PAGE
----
Specifically, the Joint ISOs want the rules to be amended to give allow more time and flexibility to manage retirements as carbon capture and storage and “green hydrogen” aren’t yet ready for deployment at scale. Forcing existing generation offline with new emissions standards would hazard grid reliability in an already increasingly fragile system.

Together, these ISO’s cover an area of approximately 2 million square miles, in 30 states plus the District of Columbia and provide service to 154 million Americans.

US-Saudi Deal Includes Nuclear Energy

As the United States and Saudi Arabia negotiate their relationship, US-led nuclear energy development in the country has been put on the table.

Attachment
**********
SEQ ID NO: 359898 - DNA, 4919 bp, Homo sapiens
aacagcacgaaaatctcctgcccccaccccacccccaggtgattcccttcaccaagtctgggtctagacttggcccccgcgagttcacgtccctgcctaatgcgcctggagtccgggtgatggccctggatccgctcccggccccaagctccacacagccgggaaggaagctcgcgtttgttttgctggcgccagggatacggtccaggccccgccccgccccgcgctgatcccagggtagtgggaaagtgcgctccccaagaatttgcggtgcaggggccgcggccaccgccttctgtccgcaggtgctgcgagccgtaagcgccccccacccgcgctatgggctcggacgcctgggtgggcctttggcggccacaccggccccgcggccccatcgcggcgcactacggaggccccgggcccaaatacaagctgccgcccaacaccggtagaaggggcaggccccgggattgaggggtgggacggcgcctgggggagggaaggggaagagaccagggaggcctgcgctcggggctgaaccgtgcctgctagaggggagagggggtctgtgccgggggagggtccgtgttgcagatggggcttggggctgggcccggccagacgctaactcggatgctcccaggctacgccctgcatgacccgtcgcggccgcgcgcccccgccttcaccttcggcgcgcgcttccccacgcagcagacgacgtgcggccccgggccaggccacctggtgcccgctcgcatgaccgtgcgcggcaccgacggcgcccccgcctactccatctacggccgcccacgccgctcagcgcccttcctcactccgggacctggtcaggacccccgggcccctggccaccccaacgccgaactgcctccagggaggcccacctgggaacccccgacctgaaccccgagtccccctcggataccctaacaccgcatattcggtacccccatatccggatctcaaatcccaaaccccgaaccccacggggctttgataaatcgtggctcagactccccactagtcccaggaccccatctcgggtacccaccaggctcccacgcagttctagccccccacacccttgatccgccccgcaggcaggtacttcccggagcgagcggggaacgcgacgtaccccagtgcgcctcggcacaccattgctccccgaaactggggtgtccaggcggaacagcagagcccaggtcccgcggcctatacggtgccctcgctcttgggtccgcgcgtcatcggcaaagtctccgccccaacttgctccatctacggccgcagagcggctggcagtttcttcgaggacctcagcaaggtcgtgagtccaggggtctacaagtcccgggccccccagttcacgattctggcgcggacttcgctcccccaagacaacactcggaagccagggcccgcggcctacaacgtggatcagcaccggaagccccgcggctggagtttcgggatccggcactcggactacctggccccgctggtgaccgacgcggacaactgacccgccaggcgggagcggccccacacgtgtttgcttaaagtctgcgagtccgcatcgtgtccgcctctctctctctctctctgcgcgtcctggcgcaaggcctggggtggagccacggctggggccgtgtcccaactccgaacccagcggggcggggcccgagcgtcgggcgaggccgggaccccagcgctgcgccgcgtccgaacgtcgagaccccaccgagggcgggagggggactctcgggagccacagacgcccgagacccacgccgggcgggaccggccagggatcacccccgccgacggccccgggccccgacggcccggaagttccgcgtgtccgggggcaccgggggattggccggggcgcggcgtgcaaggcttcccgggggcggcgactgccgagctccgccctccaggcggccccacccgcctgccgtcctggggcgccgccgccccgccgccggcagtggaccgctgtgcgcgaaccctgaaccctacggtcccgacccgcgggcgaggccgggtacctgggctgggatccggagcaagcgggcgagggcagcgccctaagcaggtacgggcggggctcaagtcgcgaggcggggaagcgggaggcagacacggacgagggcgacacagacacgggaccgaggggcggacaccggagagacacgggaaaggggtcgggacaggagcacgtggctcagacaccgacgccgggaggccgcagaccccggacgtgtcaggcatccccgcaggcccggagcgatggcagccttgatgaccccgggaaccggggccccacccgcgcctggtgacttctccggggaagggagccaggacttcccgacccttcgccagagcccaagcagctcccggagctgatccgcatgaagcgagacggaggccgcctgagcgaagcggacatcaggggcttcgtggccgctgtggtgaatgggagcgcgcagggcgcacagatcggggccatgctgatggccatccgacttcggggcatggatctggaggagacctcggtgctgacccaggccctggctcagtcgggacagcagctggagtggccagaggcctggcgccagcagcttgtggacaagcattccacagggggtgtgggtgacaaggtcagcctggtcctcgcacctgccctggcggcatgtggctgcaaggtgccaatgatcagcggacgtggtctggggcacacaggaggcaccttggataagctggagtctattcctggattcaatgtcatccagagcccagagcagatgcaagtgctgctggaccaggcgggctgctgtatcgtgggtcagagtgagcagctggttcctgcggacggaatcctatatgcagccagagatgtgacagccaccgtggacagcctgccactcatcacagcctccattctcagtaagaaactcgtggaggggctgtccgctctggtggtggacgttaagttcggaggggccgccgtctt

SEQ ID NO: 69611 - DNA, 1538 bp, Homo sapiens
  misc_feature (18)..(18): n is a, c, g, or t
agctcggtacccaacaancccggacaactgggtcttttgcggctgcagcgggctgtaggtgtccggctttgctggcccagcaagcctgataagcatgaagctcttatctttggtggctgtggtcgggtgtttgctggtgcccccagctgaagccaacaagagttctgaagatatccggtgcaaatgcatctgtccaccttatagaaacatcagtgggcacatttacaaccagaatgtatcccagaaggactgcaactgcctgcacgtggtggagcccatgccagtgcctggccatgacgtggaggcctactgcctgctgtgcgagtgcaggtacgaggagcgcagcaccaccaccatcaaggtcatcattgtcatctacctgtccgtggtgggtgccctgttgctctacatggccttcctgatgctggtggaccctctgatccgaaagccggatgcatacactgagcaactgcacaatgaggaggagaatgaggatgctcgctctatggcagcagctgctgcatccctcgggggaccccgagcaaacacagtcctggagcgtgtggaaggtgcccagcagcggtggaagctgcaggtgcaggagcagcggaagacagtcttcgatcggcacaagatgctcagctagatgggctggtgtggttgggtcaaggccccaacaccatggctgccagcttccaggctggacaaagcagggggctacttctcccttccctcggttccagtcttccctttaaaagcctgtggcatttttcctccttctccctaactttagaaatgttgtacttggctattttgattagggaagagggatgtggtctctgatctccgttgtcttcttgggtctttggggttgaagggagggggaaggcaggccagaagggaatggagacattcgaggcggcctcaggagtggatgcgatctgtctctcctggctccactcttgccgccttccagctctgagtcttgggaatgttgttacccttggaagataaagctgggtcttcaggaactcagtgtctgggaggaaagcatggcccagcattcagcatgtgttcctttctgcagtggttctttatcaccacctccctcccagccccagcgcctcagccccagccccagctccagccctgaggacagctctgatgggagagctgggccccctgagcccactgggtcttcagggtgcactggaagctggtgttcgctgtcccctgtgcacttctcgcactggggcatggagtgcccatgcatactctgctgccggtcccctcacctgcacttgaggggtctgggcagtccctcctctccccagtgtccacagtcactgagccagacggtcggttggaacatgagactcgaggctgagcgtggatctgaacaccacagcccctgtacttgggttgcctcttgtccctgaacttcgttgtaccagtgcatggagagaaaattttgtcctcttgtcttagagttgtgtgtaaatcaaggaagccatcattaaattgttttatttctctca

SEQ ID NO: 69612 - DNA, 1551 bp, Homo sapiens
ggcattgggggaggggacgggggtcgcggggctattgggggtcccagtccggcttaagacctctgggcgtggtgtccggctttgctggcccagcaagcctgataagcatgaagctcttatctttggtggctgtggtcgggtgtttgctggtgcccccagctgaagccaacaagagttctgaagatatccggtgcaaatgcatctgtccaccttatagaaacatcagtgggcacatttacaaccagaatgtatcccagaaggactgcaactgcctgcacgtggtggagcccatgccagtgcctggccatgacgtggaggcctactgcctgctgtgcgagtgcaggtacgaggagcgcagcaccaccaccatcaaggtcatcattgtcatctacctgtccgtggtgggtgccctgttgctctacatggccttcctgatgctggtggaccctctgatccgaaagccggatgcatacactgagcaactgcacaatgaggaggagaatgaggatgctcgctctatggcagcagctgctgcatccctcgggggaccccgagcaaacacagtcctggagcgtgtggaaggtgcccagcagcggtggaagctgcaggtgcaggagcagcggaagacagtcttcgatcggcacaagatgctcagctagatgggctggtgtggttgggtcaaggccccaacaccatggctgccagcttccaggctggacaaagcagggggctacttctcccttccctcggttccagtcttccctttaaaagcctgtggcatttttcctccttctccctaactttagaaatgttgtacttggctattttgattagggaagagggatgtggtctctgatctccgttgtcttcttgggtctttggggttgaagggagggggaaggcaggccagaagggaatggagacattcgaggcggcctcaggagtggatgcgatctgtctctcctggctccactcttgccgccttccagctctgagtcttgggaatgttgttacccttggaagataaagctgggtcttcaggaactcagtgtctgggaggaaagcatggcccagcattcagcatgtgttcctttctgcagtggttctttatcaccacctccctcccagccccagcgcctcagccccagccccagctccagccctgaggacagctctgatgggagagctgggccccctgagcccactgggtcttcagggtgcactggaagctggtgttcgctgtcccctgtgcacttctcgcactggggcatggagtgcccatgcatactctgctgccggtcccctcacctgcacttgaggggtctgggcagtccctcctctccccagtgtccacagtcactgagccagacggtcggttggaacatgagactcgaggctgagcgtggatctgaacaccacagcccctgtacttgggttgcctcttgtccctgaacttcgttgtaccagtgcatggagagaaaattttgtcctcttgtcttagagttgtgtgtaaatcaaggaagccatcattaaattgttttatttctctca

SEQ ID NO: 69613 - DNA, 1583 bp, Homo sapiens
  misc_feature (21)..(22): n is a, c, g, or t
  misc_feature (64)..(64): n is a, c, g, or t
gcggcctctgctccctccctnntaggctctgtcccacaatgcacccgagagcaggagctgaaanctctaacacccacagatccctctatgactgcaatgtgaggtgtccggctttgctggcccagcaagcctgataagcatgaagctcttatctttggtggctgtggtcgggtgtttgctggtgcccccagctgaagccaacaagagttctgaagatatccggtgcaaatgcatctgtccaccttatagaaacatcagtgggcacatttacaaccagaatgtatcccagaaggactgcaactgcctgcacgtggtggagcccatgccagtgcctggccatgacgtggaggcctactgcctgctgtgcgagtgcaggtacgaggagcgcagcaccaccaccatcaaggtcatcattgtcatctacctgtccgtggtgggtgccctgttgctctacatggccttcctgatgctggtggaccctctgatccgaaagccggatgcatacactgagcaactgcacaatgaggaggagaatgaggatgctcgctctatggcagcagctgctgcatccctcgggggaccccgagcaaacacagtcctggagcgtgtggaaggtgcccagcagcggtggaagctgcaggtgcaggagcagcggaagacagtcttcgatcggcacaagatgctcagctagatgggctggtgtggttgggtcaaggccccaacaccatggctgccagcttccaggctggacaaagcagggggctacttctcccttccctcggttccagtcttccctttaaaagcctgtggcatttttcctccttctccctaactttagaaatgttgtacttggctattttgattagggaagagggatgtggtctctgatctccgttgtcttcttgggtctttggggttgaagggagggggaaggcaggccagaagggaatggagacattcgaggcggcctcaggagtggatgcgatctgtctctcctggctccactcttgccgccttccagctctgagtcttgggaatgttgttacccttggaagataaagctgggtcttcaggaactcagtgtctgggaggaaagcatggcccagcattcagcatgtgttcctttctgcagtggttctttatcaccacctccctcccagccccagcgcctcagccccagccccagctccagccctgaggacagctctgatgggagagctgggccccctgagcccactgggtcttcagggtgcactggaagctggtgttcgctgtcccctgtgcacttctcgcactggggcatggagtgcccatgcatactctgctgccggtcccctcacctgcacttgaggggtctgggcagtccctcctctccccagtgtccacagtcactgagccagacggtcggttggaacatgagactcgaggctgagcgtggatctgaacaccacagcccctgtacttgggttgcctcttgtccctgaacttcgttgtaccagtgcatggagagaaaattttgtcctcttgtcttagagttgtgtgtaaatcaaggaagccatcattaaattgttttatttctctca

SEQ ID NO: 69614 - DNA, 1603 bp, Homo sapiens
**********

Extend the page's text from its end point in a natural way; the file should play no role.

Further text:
“Negotiators have now moved to discussing specifics, including addressing Saudi requests that the U.S. help them develop a civilian nuclear program and offer iron clad security guarantees,” reports the Wall Street Journal. “The Saudis are also seeking significant concessions from Israel that would help promote the creation of a Palestinian state. In return, the U.S. is pressing Saudi Arabia to impose limits on its growing relationship with China.”

Israel is unhappy with both Saudi’s interest in a Palestinian state and its quest for nuclear energy. Israel sees Saudi civilian nuclear power as a stepping for the development of nuclear weaponry, of which Israel is the sole possessor in the region. And Mohammed Bin Salman has publicly stated that he will pursue nuclear weapons if Iran gets the bomb.

But negotiations are only just starting to congeal. “There’s a work plan to explore the elements of what this would be and test the boundaries of what’s possible,” a senior U.S. official told WSJ.